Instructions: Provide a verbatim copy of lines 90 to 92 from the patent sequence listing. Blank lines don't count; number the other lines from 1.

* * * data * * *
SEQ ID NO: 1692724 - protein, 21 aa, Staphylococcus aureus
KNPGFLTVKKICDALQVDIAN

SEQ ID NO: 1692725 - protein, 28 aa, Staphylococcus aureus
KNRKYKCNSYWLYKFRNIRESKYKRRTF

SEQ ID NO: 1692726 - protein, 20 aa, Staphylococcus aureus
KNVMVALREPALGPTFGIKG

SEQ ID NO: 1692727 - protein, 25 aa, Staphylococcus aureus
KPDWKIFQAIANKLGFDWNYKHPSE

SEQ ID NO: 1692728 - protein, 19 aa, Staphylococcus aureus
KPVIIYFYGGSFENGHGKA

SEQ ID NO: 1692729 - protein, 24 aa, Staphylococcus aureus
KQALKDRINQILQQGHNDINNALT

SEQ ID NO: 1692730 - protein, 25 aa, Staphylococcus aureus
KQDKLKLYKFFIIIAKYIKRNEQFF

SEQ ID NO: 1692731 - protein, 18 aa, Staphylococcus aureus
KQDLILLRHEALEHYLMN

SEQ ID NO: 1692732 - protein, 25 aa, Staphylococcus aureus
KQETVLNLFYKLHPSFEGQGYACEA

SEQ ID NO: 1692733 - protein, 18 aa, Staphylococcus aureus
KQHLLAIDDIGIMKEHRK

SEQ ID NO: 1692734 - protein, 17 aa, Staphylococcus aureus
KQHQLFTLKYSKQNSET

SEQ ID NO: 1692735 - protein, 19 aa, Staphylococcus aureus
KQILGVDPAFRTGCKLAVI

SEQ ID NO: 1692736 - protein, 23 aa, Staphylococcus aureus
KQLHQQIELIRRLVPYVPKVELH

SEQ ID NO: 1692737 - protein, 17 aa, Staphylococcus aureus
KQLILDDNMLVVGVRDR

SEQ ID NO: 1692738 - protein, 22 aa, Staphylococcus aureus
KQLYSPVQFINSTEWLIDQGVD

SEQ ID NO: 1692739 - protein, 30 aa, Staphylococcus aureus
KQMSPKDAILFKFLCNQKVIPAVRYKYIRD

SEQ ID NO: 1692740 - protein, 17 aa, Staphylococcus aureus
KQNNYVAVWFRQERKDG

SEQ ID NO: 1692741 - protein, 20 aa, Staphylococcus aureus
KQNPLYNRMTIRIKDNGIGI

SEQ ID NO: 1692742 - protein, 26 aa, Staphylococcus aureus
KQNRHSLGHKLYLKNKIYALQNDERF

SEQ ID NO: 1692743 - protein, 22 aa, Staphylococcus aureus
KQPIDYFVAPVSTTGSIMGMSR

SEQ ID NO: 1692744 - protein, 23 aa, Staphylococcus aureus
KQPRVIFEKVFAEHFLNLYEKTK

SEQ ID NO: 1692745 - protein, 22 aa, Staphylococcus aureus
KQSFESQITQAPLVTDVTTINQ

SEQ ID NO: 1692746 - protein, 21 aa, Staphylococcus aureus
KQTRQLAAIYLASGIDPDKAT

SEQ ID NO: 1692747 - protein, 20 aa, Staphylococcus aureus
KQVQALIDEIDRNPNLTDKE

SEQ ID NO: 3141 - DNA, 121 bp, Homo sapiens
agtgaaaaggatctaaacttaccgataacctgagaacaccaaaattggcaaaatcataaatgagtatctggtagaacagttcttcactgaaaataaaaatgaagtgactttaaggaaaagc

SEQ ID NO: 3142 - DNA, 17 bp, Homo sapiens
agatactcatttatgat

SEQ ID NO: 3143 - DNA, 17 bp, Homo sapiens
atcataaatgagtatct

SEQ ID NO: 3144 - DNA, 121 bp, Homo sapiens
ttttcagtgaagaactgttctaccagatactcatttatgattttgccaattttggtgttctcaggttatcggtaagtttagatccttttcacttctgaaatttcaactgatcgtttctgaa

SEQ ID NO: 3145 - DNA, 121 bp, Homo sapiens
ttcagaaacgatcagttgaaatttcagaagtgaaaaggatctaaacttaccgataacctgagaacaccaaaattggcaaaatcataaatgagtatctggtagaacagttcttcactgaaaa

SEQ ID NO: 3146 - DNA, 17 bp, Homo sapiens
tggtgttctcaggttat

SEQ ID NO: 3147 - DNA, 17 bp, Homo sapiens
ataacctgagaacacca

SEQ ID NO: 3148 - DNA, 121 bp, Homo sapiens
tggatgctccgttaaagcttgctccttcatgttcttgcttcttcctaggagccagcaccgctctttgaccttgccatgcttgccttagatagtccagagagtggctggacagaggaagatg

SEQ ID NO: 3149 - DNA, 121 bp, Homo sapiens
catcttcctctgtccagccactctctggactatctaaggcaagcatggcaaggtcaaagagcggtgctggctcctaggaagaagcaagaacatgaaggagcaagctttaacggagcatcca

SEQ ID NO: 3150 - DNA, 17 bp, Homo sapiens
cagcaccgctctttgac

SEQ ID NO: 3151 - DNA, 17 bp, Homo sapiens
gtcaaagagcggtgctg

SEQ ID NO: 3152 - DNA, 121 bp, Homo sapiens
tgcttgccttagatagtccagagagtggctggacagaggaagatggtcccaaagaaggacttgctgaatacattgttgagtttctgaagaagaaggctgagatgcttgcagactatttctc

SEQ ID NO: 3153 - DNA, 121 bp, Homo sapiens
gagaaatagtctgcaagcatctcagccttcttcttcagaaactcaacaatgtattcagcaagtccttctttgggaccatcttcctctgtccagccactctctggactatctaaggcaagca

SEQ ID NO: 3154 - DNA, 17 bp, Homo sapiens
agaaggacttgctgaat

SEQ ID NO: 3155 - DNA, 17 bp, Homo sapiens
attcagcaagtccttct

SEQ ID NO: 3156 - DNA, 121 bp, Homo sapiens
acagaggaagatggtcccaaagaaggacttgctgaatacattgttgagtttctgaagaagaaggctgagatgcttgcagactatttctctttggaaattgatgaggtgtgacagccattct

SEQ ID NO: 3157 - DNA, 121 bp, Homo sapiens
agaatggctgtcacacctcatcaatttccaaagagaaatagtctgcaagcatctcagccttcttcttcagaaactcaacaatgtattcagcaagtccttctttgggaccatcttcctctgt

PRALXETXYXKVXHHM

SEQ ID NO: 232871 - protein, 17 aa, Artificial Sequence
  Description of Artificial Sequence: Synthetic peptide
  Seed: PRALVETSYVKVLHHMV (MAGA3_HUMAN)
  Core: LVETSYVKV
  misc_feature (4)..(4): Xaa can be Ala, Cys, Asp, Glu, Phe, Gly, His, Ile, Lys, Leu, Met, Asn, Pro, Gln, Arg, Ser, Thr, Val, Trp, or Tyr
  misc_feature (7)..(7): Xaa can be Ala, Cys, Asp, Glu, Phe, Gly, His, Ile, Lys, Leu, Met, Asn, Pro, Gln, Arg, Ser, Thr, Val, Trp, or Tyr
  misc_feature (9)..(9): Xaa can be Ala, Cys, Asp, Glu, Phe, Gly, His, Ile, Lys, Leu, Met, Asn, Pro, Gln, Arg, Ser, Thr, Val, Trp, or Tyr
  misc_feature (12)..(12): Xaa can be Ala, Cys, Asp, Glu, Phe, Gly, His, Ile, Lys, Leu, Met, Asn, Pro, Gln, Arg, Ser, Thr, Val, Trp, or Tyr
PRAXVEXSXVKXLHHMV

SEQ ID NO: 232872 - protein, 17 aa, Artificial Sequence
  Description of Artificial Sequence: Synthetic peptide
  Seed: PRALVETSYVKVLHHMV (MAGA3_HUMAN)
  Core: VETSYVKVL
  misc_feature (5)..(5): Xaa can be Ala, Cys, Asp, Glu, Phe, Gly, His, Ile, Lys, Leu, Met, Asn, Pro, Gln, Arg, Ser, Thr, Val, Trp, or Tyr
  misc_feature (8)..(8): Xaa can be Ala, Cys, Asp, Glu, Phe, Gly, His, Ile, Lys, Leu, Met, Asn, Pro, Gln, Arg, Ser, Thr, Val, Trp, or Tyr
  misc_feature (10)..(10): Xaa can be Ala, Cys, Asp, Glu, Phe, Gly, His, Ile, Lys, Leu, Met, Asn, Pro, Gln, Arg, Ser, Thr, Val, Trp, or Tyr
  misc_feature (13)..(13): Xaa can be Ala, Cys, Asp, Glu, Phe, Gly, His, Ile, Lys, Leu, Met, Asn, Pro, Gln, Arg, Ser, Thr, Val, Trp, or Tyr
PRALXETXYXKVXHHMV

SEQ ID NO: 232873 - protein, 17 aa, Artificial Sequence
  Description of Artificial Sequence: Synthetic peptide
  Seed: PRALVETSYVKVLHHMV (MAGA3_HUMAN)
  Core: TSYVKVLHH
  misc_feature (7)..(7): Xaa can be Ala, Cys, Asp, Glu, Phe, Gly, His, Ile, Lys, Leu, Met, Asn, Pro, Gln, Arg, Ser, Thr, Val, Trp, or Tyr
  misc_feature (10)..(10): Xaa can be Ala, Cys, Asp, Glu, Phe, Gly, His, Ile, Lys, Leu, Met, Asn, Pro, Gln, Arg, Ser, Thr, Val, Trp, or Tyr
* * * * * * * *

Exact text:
  misc_feature (9)..(9): Xaa can be Ala, Cys, Asp, Glu, Phe, Gly, His, Ile, Lys, Leu, Met, Asn, Pro, Gln, Arg, Ser, Thr, Val, Trp, or Tyr
  misc_feature (12)..(12): Xaa can be Ala, Cys, Asp, Glu, Phe, Gly, His, Ile, Lys, Leu, Met, Asn, Pro, Gln, Arg, Ser, Thr, Val, Trp, or Tyr
PRAXVEXSXVKXLHHMV